The effect of antisense Bcl-2 oligonucleotides on Bcl-2 protein expression and apoptosis in human bladder transitional cell carcinoma.
ABSTRACT Bcl-2 is an important determinant of transitional cell carcinoma of the bladder recurrence and progression as well as a factor in patient response to chemotherapy or radiotherapy. We determined Bcl-2 down-regulation after antisense oligonucleotide therapy and synergism with mitomycin C in transitional cell carcinoma of the bladder.
Bcl-2 protein was quantified using flow cytometry and immunohistochemistry in 4 bladder cancer cell lines, in bladder washings from 6 patients with carcinoma in situ and in 16 patient tumor samples. The synergistic effects of antisense oligonucleotides G3139 and 2009, and mitomycin C were investigated in 4 cell lines, while 2009 down-regulation was examined in 20 tumor explants in an ex vivo model.
Bcl-2 protein expression was found in all 4 cell lines and in 5 of the 6 cell populations derived from patients with carcinoma in situ. Of the 16 tumors 7 were classified positive by frozen section immunohistochemistry and quantitative flow cytometry. G3139 and 2009 down-regulated Bcl-2 protein expression in all 4 cell lines and 2009 down-regulated Bcl-2 protein expression in half of the Bcl-2 positive tumor specimens. There was only evidence in 1 cell line, T24/83, that Bcl-2 protein expression down-regulation enhanced mitomycin C induced apoptotic cell death.
Bcl-2 was expressed in a significant proportion of bladder tumors and in carcinoma in situ. Therefore, antisense oligonucleotides represent a viable strategy for Bcl-2 protein down-regulation. However, it may not always translate into an increased level of mitomycin C induced apoptosis in transitional cell carcinoma of the bladder.
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ABSTRACT: INTRODUCTION: Overexpression of antiapoptotic B-cell lymphoma (Bcl-2) proteins confers the dysregulation of apoptosis and results in drug resistance in a variety of cancers, including those of the genitourinary tract. Inhibitors that target prosurvival Bcl-2 proteins are in preclinical and clinical development. The objective of this review is to assess the involvement of Bcl-2 proteins as well as the preclinical and clinical activity of Bcl-2 inhibitors under evaluation for genitourinary neoplasms. MATERIALS AND METHODS: PubMed was used with both medical subject heading terms and free search to identify the relevant literature. Information on clinical trials was obtained using http://Clincaltrials.gov, EU Clinical Trials Register, and meeting abstracts of the American Society of Clinical Oncology. RESULTS: To date, 2 Bcl-2 inhibitors have been evaluated in clinical trials for genitourinary tumors (oblimersen and AT-101 (R-(-)-gossypol)). Both agents demonstrated some success in early stages of development, but their clinical activity did not meet expectations. Preclinical studies are under way for other Bcl-2 inhibitors including ABT-737, HA14-1, and Bcl-2 homology 3 inhibitors. CONCLUSION: Antiapoptotic Bcl-2 proteins are potential molecular targets in genitourinary cancers. Bcl-2 inhibitors might be effective as single agents or in combination with conventional therapies. However, the biology of the Bcl-2 family in genitourinary cancers remains poorly understood and robust preclinical studies are needed to inform clinical development. Such studies should aim to identify: (1) pharmacodynamic markers that could help guide patient selection for treatment with Bcl-2 inhibitors, and (2) optimal combinations of Bcl-2 inhibitors with other anticancer agents for future clinical investigation.Clinical Genitourinary Cancer 10/2012; · 1.43 Impact Factor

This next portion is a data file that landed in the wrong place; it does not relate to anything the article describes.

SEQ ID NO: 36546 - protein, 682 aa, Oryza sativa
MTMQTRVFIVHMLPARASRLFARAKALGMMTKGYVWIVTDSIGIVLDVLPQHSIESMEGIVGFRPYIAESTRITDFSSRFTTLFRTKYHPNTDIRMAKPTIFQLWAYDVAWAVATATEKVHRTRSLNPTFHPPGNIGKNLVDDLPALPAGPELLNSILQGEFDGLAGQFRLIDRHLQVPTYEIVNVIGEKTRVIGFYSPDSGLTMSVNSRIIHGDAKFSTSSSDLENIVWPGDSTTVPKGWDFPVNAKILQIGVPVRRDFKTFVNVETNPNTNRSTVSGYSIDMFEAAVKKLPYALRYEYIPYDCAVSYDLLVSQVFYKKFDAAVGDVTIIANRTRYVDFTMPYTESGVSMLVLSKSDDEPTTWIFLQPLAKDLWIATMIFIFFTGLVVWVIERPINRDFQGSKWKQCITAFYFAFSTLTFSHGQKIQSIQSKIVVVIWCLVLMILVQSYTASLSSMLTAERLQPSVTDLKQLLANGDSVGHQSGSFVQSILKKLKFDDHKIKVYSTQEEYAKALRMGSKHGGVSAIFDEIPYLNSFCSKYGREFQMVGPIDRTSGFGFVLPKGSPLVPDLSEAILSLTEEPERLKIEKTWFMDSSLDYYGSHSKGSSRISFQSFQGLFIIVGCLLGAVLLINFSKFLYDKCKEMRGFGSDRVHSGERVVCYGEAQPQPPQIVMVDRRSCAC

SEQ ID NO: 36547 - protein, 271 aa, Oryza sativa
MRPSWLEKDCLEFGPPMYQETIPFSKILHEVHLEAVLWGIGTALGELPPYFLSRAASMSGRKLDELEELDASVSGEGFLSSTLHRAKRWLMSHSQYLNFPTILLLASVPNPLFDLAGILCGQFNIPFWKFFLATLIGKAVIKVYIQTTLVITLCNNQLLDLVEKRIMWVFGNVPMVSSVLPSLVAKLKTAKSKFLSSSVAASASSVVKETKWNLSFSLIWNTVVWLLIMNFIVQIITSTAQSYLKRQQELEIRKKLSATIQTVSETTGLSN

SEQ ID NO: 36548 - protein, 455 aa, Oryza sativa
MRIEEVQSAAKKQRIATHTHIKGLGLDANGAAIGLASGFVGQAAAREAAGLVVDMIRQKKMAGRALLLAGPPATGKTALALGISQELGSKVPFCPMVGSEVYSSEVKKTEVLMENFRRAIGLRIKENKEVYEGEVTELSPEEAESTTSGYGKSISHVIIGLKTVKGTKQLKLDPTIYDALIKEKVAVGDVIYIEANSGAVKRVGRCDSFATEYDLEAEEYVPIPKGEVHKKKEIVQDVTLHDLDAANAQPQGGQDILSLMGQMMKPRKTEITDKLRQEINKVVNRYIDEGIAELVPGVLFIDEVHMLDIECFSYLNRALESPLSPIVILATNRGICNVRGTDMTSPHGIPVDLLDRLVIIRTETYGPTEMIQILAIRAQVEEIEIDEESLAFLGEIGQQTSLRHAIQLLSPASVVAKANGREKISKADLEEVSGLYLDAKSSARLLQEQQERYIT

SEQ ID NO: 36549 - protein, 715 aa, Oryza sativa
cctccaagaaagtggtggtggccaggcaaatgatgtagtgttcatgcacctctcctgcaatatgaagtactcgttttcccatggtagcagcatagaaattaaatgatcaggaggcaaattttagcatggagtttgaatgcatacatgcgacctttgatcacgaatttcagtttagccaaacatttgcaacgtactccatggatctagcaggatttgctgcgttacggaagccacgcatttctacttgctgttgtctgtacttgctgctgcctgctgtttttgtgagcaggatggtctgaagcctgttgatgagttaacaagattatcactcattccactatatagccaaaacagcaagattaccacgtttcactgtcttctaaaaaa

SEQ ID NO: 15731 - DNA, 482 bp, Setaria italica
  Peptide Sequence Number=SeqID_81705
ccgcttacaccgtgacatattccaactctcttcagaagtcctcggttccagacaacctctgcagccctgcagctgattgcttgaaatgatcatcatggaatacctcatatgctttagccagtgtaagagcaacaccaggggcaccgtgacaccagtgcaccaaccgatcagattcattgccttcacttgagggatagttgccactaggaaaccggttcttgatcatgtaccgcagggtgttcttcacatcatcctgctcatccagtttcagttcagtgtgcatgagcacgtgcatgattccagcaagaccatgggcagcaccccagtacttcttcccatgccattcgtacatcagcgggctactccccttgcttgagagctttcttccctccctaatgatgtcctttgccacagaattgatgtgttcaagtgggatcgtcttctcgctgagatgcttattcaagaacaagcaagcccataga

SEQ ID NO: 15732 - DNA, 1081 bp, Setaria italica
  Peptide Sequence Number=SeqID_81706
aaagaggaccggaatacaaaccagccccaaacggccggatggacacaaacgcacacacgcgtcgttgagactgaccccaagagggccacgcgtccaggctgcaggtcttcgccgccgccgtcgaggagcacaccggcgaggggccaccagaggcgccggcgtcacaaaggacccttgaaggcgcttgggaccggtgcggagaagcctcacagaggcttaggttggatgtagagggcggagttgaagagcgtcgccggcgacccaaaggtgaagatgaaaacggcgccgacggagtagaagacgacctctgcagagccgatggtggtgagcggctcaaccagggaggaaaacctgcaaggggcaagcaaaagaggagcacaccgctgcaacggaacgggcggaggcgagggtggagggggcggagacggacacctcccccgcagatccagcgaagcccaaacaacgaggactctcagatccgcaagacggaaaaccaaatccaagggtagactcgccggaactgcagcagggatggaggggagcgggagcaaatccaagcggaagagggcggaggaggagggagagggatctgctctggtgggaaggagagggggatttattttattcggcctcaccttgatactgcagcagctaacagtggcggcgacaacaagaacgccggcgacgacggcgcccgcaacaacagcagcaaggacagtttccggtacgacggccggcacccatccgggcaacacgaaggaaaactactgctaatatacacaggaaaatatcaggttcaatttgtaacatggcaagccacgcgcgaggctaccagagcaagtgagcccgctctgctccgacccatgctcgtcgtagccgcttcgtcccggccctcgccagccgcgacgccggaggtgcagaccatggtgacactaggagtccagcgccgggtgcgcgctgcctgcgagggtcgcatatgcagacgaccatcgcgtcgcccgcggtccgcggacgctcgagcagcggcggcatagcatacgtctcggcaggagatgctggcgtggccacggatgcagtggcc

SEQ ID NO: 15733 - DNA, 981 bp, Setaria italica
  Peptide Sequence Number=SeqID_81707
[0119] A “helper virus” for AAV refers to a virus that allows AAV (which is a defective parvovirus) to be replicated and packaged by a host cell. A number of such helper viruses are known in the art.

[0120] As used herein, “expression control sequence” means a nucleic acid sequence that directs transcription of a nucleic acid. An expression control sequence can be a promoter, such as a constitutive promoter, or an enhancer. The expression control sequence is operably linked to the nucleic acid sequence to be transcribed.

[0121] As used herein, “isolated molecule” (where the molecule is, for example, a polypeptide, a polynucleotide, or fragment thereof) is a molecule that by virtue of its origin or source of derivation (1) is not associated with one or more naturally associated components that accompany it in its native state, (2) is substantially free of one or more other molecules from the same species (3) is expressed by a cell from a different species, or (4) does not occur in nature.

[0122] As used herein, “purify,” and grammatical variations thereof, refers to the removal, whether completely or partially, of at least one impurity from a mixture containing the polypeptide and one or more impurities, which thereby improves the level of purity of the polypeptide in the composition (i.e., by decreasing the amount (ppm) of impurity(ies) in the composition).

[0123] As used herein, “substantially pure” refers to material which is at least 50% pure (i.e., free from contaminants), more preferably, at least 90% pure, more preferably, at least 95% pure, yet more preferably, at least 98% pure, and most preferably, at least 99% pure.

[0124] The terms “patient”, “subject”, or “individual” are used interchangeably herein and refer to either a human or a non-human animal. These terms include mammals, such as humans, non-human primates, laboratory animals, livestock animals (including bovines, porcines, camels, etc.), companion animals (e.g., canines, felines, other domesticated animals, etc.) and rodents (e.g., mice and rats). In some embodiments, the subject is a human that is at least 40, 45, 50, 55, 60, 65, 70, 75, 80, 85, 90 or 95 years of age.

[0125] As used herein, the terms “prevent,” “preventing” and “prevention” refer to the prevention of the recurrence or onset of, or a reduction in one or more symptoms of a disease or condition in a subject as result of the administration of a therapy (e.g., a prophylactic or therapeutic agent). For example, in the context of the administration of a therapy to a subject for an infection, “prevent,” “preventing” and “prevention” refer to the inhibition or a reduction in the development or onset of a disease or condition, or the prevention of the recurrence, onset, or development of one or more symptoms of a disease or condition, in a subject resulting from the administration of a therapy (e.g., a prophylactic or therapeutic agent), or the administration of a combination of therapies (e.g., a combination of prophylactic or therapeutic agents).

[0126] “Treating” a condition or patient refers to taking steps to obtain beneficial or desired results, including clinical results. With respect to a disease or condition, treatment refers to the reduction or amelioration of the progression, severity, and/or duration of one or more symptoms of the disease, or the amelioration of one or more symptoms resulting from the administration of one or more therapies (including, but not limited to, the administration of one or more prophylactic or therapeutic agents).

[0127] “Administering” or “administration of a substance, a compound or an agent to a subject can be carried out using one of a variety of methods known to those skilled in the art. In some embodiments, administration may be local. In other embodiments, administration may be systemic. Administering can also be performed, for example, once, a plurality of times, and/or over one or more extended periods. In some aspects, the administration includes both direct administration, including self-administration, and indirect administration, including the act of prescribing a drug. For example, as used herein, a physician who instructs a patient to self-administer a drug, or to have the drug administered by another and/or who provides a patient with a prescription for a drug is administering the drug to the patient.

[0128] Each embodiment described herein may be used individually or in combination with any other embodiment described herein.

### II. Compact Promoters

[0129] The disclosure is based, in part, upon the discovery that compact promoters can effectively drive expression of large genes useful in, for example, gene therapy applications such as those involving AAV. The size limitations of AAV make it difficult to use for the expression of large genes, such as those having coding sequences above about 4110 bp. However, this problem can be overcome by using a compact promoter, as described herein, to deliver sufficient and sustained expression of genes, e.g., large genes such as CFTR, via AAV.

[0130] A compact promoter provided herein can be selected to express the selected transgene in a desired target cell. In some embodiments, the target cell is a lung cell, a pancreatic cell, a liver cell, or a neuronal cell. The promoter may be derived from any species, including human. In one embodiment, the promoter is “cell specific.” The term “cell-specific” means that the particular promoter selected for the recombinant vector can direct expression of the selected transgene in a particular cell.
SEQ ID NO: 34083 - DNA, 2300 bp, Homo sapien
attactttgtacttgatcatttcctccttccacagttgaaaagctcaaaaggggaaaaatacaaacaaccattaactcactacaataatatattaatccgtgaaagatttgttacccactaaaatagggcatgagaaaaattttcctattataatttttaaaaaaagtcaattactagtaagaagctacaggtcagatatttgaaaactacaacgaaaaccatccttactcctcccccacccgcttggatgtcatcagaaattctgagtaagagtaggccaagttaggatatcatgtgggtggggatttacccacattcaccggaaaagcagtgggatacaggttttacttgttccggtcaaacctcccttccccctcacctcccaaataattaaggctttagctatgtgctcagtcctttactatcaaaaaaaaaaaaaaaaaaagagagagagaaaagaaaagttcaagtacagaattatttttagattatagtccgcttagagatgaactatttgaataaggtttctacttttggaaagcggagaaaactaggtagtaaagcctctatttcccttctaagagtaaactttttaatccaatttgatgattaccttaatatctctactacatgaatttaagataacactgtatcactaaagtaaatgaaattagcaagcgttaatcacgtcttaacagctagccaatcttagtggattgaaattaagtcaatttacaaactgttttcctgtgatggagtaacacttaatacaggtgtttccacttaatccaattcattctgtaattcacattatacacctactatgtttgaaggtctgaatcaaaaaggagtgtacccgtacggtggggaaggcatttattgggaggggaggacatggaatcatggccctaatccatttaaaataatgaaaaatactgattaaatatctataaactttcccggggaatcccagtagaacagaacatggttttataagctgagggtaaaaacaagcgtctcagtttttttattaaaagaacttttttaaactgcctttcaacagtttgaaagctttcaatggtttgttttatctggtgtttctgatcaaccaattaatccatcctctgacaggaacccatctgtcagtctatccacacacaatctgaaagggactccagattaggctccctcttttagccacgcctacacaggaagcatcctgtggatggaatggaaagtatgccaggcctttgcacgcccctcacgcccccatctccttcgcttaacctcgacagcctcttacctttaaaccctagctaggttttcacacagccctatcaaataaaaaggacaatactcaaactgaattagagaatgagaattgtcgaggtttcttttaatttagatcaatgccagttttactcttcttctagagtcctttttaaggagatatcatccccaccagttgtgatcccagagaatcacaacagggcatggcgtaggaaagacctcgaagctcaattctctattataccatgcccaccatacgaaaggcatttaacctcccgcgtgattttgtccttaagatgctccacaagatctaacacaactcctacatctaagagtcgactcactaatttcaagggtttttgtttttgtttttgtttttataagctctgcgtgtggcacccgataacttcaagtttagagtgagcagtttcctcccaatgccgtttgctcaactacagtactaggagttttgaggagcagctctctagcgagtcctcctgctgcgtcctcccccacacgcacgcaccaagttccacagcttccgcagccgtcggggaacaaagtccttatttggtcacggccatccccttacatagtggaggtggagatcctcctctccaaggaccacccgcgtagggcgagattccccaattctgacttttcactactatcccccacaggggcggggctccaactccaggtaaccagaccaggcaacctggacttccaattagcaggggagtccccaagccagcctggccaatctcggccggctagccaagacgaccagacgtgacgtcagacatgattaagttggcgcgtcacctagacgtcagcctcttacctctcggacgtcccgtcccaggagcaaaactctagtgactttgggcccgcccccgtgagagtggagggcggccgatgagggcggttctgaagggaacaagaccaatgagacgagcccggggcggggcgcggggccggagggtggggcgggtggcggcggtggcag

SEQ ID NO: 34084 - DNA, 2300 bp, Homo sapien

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ABSTRACT: High-risk superficial urothelial carcinoma of the bladder (UCB) is commonly treated with intravesical bacillus Calmette-Guerin (BCG), but with significant side effects. We recently showed that the tumour necrosis factor-related apoptosis-inducing ligand (TRAIL) exhibited high therapeutic potential against UCB cells and with only limited toxic effects in normal cells. However, many cancer cells are refractory to TRAIL during monotherapy. Therefore, our experimental aim was to develop combinatorial approaches with other pro- apoptotic agents to reactivate apoptosis in resistant phenotypes. We demonstrate that UCB cells varied in their response to TRAIL, and the effect was caspase-dependent (reduced or abrogated by pre-incubation of cells with caspase-inhibitor peptides). In contrast wortmannin, a PI3K/Akt inhibitor, enhanced the TRAIL effect. Furthermore, combination therapy of TRAIL with low dose gemcitabine markedly enhanced UCB cell response (except in the TRAIL-resistant HT1376 cell line). The enhanced response was both time- and concentration-dependent and asymptotic at gemcitabine concentration >1 µmol/l. To define the mechanisms underlying gemcitabine-augmented TRAIL action, we evaluated the expression of several proteins regulating the apoptotic pathway. Gemcitabine-augmented TRAIL effect was associated with inhibition of the Bcl-2 protein (intrinsic signalling) along with activation of the caspase (extrinsic) cascade. The combined maximal stimulation of both the intrinsic and extrinsic signalling pathways also appeared to overcome the survival (PI3K/Akt) pathway as evident by the lack of response to wortmannin. Our semisolid multicellular-spheroid model showed that TRAIL and gemcitabine selectively caused UCB cells to undergo apoptosis without affecting normal cells, and both appeared to penetrate deeply enough to allow for combination intravesical therapy.International Journal of Oncology 07/2011; 39(1):61-71. · 2.66 Impact Factor
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